Divorce Trial

divorce trial

The majority of states now require that couples seeking a divorce where there are issues of property division, spousal support or child custody, attend mediation. If mediation fails and the couple is unable to resolve the case, the divorce proceeds to trial. In some states, all issues in the case are tried together. In other states, you may have one trial for property division, a separate trial for alimony, and yet another trial for custody and child support. In most states, your trial will be in front of a judge who will act as the trier of fact. However, there are states where you could ask for a jury trial.

Family Court Case Process: Filing to Trial

Step 1. Divorce Complaint

If you or your spouse choose to go straight to litigation, the first step is filing a complaint or petition. The complaint alleges the basic facts of your case, list the claims you are bringing, and request relief from the court. In notice pleading states the complaint will be shorter and contain much less information. Some states have form pleadings that must be used and other states have no forms and everything is drafted individually.

Step 2. Service of Process

The second step is to serve the complaint on the defendant. There are two types of juristical requirements for the court to hear your case. The first requirement is subject matter jurisdiction.

Subject Matter Jurisdiction 

Subject matter jurisdiction means the court has jurisdiction over the subject of the lawsuit you are bringing. For equitable distribution or community property claims, that generally means that your property is located in the state or that you primarily live in the state. Jurisdiction in child custody claims is governed by the UCCJEA. In the majority of cases, the state will have jurisdiction in an initial custody action if the child has lived in the state for at least 6 months prior to filing the custody lawsuit. Once the court has subject matter jurisdiction, the court needs personal jurisdiction over the defendant.

Personal Jurisdiction 

Personal jurisdiction means that the court has jurisdiction over the person to make the person appear in court to answer for the claims in the complaint. In most cases, this means that the person lives in the state where the lawsuit is filed. It may also mean that the defendant spent time in the state. For example, a court could gain personal jurisdiction over a parent of a child even though the parent doesn’t live in the state where the child lives. Personal jurisdiction for child support is usually where the parent who will pay support lives.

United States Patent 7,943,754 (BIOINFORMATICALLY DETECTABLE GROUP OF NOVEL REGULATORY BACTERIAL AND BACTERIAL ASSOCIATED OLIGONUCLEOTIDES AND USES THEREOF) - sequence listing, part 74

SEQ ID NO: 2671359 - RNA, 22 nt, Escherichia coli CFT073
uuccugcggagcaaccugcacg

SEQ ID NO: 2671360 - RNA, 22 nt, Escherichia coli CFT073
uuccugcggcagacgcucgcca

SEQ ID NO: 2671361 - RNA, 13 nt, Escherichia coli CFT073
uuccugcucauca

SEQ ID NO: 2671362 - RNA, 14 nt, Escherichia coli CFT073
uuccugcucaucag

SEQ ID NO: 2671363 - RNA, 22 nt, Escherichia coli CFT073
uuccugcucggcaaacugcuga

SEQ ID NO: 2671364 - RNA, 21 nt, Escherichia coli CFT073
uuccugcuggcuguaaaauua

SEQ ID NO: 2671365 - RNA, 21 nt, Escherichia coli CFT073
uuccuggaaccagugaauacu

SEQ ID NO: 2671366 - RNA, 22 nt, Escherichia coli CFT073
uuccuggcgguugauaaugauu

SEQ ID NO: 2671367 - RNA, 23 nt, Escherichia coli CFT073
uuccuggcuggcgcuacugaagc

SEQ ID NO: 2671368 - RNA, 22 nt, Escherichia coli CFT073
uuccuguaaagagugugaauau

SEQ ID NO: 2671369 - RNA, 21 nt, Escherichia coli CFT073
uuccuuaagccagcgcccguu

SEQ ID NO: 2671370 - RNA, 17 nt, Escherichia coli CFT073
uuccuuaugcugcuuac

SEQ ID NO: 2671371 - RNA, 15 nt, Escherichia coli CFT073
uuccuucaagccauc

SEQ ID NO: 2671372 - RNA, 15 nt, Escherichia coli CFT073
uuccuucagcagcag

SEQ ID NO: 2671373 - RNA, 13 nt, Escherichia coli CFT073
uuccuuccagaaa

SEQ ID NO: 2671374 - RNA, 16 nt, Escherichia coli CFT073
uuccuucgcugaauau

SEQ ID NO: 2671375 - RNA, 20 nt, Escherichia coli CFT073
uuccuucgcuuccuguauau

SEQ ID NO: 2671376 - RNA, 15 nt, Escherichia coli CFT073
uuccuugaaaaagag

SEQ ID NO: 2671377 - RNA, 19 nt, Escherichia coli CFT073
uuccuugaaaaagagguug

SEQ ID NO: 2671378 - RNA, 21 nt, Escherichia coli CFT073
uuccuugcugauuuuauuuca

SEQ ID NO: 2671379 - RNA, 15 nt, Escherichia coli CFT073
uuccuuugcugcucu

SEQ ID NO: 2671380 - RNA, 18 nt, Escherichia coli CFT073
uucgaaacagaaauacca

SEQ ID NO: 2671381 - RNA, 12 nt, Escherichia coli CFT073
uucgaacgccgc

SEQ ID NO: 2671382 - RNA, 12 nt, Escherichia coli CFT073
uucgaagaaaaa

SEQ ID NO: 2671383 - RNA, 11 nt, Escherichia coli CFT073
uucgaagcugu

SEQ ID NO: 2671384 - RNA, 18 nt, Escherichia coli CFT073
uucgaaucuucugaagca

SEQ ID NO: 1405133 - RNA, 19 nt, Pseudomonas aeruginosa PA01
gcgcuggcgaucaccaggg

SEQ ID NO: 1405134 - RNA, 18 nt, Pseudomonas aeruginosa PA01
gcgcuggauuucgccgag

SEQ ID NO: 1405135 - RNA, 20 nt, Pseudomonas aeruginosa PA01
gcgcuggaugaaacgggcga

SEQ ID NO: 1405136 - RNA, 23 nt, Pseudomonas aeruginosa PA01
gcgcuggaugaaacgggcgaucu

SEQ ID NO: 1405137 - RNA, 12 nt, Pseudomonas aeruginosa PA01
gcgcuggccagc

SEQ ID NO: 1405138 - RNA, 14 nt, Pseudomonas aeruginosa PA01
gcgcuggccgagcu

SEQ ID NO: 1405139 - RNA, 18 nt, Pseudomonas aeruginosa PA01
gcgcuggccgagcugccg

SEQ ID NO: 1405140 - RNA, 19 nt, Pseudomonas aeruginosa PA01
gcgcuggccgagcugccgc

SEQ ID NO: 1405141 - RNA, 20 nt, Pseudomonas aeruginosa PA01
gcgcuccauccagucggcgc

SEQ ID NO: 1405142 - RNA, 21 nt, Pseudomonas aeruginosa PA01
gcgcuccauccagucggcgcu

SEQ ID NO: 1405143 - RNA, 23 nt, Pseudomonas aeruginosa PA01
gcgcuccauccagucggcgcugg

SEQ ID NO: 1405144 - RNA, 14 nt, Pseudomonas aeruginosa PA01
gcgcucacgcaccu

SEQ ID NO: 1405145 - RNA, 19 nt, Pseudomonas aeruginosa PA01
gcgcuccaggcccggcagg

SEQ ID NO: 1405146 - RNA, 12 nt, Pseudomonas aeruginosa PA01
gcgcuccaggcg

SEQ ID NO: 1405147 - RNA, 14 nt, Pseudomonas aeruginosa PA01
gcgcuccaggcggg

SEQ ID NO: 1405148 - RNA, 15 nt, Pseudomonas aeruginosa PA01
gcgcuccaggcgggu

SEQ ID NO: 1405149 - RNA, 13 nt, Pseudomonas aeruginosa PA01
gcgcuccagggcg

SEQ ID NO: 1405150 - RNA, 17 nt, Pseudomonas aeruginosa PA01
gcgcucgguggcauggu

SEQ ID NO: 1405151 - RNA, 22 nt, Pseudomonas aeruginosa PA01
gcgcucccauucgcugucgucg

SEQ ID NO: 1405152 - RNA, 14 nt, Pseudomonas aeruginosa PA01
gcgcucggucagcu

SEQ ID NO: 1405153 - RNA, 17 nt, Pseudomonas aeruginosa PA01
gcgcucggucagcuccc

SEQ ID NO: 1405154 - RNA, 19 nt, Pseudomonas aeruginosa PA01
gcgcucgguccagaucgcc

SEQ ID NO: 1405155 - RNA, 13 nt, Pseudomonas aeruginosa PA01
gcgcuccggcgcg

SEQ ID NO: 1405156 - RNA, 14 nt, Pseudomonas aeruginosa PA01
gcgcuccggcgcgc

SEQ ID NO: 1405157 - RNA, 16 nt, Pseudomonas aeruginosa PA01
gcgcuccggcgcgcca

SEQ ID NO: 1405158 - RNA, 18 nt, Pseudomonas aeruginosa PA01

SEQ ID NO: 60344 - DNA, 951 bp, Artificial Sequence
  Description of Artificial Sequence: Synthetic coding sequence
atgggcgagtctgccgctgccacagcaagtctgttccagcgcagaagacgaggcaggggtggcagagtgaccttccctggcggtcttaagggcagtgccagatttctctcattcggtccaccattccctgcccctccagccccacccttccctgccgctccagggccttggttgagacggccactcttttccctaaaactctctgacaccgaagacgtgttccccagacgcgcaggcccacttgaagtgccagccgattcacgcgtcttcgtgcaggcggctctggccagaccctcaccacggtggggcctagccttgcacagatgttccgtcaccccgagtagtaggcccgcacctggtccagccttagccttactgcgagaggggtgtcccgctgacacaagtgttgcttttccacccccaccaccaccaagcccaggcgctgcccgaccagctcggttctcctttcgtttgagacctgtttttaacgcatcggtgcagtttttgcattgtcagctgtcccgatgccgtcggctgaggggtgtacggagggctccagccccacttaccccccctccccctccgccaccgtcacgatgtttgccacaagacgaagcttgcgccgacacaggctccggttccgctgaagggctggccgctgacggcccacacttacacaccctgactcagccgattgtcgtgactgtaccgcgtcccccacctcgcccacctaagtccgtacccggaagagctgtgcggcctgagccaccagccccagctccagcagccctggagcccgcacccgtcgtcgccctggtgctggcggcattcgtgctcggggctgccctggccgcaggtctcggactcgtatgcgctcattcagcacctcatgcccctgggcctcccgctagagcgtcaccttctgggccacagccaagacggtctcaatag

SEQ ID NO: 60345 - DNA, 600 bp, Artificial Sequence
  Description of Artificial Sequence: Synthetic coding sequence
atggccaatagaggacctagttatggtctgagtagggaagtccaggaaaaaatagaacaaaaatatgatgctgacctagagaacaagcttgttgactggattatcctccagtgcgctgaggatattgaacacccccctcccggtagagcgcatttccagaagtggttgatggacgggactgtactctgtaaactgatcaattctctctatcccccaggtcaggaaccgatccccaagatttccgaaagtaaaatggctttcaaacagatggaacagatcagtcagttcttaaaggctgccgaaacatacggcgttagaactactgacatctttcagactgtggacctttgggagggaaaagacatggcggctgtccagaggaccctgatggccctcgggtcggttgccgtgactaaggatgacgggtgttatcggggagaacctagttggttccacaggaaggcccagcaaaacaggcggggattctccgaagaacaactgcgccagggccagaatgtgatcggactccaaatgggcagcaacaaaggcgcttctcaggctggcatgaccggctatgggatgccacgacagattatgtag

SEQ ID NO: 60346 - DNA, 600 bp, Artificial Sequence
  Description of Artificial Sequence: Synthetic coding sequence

In order for the court to have personal jurisdiction over the defendant, the plaintiff has to serve the complaint on the defendant. The rules of civil procedure must be followed. Most states won’t allow a plaintiff to personally hand the complaint to the defendant. In most cases, the defendant is served by a local sheriff, certified mail, or a private process server. It’s important to know the state rules around service. If you get it wrong the lawsuit could be dismissed. There are usually deadlines around how long you have to serve the defendant once the lawsuit is filed. In most states, a summons is issued with the filing of the lawsuit. Once service is completed the summons is returned to the court to show how the defendant was served. If the complaint is filed by certified mail or by private process server an affidavit of service may be filed. In cases where the plaintiff does not know where the defendant lives and after making diligent efforts cannot find the defendant, the court may allow the plaintiff to serve the defendant by publication in a newspaper where the defendant was last known to live.

Jurisdiction can be complex and complicated. Even attorneys struggle with cross border issues and jurisdiction in modification cases. It’s important to meet with an experienced attorney about these types of issues. Failure to follow the proper steps can result in your case being dismissed even after a trial.

Step 3. Answering the Complaint

Once the complaint has been served on the defendant, the defendant will have time to answer. Generally, the time to answer is 30 days. In most states, the defendant can get an additional 30 days to answer by filing a motion to extend time to answer. The answer will be a response to each allegation in the complaint. The defendant may also bring claims which are called counterclaims. If the defendant files a counterclaim the plaintiff may answer.